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Despite an unceasing search to find physical evidence of drug dealing by Gen. Manuel Antonio Noriega, disappointed U.S. officials say they have found almost no documents that conclusively prove he trafficked in drugs.

U.S. officials say they had expected to find a damning paper trail of incriminating documents among Noriega's private and official papers, most of which are thought to have been seized by U.S. troops who invaded Panama last December.The Reagan and Bush administrations long depicted Noriega, who faces two separate indictments accusing him of drug dealing and money laundering, as a drug trafficker. Noriega has pleaded not guilty and is not expected to come to trial until next year.

So far, the most damaging physical evidence against Noriega appears to be a letter discovered last month by Panamanian investigators, rather than by U.S. soldiers.

Rogelio Cruz, the attorney general of Panama, said it was found in a bank safe-deposit box belonging to Noriega's wife.

U.S. and Panamanian officials say the letter was written to Noriega by a convicted American drug dealer, Steven Kalish.

The 16-page letter is written in English and begins, "Dear Tony."

It purports to discuss how to deal with Colombian cocaine traffickers.

The letter is signed "Brown" and includes the admonition, "Please keep this letter in strictest confidence because I never want to see it in the United States."

The officials say Kalish used the code name "Brown" while he dealt drugs and laundered profits with Noriega.

They say Noriega provided Kalish with a Panamanian diplomatic passport under the name Frank Brown that he used to travel in and out of the United States while transporting millions of dollars in drug profits to launder through Panamanian banks.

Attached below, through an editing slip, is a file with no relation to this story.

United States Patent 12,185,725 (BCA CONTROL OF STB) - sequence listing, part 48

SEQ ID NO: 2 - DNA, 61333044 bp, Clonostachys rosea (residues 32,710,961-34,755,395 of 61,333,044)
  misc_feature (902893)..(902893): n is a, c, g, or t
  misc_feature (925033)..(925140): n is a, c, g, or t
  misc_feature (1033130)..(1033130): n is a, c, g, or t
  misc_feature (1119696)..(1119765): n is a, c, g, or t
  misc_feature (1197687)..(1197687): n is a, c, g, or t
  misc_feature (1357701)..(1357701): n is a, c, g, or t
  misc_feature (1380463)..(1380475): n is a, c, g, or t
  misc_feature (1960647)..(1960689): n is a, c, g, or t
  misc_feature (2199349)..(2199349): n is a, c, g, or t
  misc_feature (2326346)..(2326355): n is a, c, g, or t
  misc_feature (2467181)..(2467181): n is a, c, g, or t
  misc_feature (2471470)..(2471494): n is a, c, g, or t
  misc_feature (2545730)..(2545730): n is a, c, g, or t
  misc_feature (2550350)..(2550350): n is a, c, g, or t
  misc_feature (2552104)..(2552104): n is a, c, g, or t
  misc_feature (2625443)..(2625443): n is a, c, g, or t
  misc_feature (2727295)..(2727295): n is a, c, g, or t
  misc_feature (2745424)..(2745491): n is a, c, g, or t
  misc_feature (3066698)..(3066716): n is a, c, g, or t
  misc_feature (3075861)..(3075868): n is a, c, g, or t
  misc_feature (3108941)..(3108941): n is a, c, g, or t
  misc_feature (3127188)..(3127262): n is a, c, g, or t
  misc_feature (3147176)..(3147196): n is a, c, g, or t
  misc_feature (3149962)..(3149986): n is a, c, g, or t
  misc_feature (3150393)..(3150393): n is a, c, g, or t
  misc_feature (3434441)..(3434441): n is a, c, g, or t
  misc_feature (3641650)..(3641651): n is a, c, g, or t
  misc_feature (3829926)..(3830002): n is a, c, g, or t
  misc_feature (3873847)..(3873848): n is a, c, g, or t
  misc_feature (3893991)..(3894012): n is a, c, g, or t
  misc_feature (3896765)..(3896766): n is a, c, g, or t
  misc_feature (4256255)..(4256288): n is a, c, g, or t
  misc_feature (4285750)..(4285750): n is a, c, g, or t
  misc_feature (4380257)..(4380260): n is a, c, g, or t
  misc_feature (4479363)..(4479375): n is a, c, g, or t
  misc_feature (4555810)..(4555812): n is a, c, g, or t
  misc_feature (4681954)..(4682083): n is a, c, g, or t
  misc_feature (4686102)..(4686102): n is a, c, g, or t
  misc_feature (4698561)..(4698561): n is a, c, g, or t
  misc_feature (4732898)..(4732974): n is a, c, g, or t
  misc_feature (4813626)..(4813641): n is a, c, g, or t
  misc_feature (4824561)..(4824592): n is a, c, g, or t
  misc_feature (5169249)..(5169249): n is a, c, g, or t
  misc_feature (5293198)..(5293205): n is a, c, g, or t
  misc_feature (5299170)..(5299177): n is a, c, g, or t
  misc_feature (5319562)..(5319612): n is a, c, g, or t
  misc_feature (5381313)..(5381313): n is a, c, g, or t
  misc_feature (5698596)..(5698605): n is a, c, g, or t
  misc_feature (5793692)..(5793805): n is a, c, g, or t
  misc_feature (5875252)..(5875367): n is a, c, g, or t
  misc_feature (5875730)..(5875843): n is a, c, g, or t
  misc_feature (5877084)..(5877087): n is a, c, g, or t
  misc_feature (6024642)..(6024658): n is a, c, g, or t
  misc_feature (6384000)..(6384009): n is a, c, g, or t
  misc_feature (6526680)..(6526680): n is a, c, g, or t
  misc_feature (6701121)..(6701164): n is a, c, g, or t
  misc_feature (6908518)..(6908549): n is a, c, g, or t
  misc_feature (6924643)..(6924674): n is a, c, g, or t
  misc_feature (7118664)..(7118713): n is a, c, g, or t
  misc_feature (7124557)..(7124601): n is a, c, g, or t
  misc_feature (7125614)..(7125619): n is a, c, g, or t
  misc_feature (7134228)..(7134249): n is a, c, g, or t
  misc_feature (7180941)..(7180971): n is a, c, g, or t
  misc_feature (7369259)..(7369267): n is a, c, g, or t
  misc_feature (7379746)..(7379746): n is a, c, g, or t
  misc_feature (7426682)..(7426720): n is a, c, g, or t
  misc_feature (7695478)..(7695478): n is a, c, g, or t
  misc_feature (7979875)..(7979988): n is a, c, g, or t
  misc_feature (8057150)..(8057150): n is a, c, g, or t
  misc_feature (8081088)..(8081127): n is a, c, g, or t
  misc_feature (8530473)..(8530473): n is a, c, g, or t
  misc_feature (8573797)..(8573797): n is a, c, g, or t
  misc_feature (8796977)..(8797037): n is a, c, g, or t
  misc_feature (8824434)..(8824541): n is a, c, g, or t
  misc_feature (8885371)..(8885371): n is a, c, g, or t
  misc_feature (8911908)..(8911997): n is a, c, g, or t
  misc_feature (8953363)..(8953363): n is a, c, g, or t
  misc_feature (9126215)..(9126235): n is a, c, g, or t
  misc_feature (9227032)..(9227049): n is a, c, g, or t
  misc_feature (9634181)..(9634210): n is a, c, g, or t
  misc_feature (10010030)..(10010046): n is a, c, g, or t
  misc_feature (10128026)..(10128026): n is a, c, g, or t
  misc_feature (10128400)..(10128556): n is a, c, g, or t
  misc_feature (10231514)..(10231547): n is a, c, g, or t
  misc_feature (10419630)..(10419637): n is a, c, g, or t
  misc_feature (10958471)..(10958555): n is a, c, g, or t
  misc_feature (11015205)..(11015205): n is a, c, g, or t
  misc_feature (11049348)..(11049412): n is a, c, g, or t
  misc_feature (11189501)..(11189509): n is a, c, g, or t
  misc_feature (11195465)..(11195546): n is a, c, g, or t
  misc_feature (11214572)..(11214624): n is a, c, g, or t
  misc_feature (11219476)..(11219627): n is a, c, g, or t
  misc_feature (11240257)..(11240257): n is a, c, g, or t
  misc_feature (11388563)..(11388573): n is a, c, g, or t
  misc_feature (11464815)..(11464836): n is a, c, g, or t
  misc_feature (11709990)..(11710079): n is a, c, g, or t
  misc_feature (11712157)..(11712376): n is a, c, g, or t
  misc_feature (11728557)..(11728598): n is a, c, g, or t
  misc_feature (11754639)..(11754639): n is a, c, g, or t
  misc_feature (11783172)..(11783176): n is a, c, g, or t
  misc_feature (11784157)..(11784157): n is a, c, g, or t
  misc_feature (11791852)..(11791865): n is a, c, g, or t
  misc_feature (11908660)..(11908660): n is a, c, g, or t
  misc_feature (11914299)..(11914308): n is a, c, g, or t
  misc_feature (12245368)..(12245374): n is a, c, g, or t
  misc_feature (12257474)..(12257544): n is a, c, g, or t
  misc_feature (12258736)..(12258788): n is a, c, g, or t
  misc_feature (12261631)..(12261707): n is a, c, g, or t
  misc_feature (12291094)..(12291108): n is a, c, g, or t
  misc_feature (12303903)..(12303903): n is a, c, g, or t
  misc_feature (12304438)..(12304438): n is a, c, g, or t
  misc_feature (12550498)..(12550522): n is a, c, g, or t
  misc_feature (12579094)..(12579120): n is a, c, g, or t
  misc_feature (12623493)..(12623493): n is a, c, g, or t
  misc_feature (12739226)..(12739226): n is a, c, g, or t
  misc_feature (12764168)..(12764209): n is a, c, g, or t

Prosecutors say they expect Kalish to testify against Noriega.

The government also has apparently secured the testimony of Enrique A. (Kiki) Pretelt, a 47-year-old Panamanian jeweler who said in a plea agreement accepted Friday in Tampa, Fla., that he had helped launder drug proceeds with two convicted Tampa drug smugglers.

"A fourth silent partner in their business was General Manuel Noriega," the agreement said.

But other than the letter signed "Brown," a six-month review of tens of thousands of documents has turned up no evidence of drug dealing by Noriega, according to three U.S. officials closely informed of the painstaking review of documents by several U.S. agencies.

"We've found no smoking gun in the documents," said one senior U.S. official in Panama. "Noriega was smart enough not to put anything on paper."

With few if any incriminating documents in hand to add credence to the testimony of unsavory witnesses, Justice Department officials say they are turning their attention to a review of deposits and withdrawals for bank accounts controlled by Noriega and his associates.

The officials say they are trying to correlate dates and amounts of the movement of monies through the accounts with the testimony of witnesses who claim to have deposited drug profits in those accounts for Noriega.